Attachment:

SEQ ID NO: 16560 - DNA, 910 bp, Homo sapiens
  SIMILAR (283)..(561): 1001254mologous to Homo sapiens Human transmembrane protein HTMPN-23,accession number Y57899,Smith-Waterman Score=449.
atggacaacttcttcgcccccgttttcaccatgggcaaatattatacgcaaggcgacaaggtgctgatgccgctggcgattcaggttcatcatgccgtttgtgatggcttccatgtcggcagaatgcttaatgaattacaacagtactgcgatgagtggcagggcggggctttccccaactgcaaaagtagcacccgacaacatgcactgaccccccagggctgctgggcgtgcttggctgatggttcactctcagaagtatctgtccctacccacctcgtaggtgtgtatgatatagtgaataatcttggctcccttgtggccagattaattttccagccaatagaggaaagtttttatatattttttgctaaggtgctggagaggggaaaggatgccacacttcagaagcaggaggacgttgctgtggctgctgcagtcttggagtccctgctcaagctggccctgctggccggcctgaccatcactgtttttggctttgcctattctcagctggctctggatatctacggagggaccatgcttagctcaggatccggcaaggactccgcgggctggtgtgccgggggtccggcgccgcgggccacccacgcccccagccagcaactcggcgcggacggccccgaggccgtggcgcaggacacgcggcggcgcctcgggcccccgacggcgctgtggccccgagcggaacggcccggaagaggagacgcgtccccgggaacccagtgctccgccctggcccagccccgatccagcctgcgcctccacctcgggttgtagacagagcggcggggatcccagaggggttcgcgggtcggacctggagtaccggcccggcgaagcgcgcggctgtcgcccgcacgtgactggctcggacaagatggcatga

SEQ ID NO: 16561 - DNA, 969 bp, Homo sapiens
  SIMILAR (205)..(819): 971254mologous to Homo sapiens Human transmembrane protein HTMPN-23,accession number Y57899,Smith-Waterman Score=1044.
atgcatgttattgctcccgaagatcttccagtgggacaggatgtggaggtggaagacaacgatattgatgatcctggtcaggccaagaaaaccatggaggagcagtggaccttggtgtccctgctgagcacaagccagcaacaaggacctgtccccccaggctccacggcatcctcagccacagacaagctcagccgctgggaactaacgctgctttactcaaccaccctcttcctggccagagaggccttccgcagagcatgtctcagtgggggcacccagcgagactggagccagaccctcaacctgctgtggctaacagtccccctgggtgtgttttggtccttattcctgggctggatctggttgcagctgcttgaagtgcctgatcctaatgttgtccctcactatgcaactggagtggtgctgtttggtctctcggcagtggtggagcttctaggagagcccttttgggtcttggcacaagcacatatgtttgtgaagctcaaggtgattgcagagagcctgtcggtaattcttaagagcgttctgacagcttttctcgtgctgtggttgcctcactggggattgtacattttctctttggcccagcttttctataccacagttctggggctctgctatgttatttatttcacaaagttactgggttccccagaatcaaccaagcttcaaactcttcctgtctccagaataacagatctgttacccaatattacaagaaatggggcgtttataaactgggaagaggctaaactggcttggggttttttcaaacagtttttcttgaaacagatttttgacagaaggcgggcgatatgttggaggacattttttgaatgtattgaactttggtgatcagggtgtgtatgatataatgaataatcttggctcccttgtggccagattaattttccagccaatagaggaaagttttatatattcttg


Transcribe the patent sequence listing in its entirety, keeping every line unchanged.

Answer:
SEQ ID NO: 16560 - DNA, 910 bp, Homo sapiens
  SIMILAR (283)..(561): 1001254mologous to Homo sapiens Human transmembrane protein HTMPN-23,accession number Y57899,Smith-Waterman Score=449.
atggacaacttcttcgcccccgttttcaccatgggcaaatattatacgcaaggcgacaaggtgctgatgccgctggcgattcaggttcatcatgccgtttgtgatggcttccatgtcggcagaatgcttaatgaattacaacagtactgcgatgagtggcagggcggggctttccccaactgcaaaagtagcacccgacaacatgcactgaccccccagggctgctgggcgtgcttggctgatggttcactctcagaagtatctgtccctacccacctcgtaggtgtgtatgatatagtgaataatcttggctcccttgtggccagattaattttccagccaatagaggaaagtttttatatattttttgctaaggtgctggagaggggaaaggatgccacacttcagaagcaggaggacgttgctgtggctgctgcagtcttggagtccctgctcaagctggccctgctggccggcctgaccatcactgtttttggctttgcctattctcagctggctctggatatctacggagggaccatgcttagctcaggatccggcaaggactccgcgggctggtgtgccgggggtccggcgccgcgggccacccacgcccccagccagcaactcggcgcggacggccccgaggccgtggcgcaggacacgcggcggcgcctcgggcccccgacggcgctgtggccccgagcggaacggcccggaagaggagacgcgtccccgggaacccagtgctccgccctggcccagccccgatccagcctgcgcctccacctcgggttgtagacagagcggcggggatcccagaggggttcgcgggtcggacctggagtaccggcccggcgaagcgcgcggctgtcgcccgcacgtgactggctcggacaagatggcatga

SEQ ID NO: 16561 - DNA, 969 bp, Homo sapiens
  SIMILAR (205)..(819): 971254mologous to Homo sapiens Human transmembrane protein HTMPN-23,accession number Y57899,Smith-Waterman Score=1044.
atgcatgttattgctcccgaagatcttccagtgggacaggatgtggaggtggaagacaacgatattgatgatcctggtcaggccaagaaaaccatggaggagcagtggaccttggtgtccctgctgagcacaagccagcaacaaggacctgtccccccaggctccacggcatcctcagccacagacaagctcagccgctgggaactaacgctgctttactcaaccaccctcttcctggccagagaggccttccgcagagcatgtctcagtgggggcacccagcgagactggagccagaccctcaacctgctgtggctaacagtccccctgggtgtgttttggtccttattcctgggctggatctggttgcagctgcttgaagtgcctgatcctaatgttgtccctcactatgcaactggagtggtgctgtttggtctctcggcagtggtggagcttctaggagagcccttttgggtcttggcacaagcacatatgtttgtgaagctcaaggtgattgcagagagcctgtcggtaattcttaagagcgttctgacagcttttctcgtgctgtggttgcctcactggggattgtacattttctctttggcccagcttttctataccacagttctggggctctgctatgttatttatttcacaaagttactgggttccccagaatcaaccaagcttcaaactcttcctgtctccagaataacagatctgttacccaatattacaagaaatggggcgtttataaactgggaagaggctaaactggcttggggttttttcaaacagtttttcttgaaacagatttttgacagaaggcgggcgatatgttggaggacattttttgaatgtattgaactttggtgatcagggtgtgtatgatataatgaataatcttggctcccttgtggccagattaattttccagccaatagaggaaagttttatatattcttg